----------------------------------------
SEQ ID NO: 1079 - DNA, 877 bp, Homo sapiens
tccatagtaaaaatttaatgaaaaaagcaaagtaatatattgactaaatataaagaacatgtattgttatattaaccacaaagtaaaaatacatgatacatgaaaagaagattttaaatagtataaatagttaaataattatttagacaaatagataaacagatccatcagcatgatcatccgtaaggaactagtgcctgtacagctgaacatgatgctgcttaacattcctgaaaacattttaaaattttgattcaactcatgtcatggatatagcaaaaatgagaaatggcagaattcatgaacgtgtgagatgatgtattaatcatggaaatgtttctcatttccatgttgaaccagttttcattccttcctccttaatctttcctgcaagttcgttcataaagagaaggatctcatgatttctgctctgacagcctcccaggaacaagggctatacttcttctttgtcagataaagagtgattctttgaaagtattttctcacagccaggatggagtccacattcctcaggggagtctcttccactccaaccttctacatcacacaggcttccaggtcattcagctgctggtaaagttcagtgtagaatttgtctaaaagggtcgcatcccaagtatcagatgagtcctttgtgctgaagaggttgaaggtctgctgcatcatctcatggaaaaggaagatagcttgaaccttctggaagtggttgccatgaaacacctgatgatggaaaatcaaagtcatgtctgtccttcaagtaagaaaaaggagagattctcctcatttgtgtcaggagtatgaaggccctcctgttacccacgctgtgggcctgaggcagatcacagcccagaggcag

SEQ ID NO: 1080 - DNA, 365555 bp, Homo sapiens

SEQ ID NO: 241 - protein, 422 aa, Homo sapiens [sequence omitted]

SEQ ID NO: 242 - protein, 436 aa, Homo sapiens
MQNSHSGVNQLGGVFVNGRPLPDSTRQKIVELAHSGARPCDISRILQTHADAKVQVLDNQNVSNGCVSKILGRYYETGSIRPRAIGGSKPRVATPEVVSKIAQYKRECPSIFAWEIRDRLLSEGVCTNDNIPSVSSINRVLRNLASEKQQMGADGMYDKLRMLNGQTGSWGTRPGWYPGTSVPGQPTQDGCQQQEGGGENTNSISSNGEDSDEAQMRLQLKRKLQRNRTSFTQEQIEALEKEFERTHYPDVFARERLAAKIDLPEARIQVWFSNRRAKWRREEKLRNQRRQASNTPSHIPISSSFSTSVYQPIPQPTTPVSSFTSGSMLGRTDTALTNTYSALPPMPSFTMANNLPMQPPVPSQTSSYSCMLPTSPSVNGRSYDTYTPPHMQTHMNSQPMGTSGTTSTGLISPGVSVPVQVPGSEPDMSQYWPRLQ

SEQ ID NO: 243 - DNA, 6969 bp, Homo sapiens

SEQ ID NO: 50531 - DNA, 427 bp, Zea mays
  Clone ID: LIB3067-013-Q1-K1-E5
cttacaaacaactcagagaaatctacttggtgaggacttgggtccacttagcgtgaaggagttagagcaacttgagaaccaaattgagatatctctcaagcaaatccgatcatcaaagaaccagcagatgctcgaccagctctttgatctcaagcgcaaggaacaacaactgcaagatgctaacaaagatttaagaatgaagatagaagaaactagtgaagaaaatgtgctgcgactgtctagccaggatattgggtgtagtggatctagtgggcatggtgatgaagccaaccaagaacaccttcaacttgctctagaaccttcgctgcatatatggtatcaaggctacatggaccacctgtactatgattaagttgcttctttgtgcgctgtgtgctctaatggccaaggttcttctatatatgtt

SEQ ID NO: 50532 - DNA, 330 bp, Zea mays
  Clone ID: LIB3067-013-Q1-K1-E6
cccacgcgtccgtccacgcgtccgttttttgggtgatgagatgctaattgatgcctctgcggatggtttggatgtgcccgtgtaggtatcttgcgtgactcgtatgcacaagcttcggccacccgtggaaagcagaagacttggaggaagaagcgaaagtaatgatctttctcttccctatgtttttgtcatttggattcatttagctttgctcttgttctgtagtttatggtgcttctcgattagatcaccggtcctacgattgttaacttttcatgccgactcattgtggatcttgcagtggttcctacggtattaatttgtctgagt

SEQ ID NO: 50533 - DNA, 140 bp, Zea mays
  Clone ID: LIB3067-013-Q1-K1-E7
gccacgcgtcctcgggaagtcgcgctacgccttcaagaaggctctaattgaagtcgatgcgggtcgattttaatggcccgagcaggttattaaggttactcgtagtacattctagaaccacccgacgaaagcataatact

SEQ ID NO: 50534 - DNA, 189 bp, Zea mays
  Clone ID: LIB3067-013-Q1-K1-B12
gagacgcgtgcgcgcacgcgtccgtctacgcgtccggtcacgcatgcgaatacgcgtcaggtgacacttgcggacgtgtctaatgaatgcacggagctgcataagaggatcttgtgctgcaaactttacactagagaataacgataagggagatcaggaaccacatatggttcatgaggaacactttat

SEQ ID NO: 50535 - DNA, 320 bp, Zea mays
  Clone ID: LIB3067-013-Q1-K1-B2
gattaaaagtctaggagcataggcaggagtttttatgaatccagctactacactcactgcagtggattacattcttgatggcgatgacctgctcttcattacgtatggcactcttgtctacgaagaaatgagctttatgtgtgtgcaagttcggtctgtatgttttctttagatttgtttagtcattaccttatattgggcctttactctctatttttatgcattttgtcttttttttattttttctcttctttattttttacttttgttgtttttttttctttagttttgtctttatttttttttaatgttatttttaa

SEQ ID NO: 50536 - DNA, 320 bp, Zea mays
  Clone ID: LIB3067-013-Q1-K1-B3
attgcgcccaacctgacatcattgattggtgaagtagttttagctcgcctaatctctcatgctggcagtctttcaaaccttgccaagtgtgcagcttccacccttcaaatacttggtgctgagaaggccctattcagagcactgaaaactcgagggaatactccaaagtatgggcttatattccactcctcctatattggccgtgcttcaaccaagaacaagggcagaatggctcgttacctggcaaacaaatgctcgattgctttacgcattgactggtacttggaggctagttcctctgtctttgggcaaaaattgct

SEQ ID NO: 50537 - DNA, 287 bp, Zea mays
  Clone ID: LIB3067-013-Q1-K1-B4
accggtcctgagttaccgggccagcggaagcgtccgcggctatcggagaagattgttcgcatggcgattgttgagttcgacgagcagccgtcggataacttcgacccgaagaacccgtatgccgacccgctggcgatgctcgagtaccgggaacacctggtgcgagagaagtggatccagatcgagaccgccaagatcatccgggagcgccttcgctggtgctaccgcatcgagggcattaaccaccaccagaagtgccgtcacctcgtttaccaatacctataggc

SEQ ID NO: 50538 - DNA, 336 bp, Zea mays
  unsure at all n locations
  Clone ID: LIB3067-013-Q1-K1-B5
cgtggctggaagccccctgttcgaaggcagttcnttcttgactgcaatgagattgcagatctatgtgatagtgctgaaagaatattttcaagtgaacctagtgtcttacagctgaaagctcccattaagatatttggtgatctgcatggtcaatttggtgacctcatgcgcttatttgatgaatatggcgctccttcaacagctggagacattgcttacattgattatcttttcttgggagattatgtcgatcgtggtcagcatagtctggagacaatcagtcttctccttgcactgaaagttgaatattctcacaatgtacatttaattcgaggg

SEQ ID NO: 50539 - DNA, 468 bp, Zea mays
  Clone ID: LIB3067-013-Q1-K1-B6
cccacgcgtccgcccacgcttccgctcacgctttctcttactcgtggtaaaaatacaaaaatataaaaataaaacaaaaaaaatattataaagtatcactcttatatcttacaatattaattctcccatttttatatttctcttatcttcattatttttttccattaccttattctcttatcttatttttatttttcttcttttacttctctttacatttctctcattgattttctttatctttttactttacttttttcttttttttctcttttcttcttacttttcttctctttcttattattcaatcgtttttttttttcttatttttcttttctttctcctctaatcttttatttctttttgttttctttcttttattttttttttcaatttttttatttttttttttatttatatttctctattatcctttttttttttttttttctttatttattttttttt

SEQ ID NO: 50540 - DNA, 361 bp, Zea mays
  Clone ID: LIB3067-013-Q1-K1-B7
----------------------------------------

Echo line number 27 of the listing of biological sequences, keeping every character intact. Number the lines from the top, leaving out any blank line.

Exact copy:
  Clone ID: LIB3067-013-Q1-K1-B4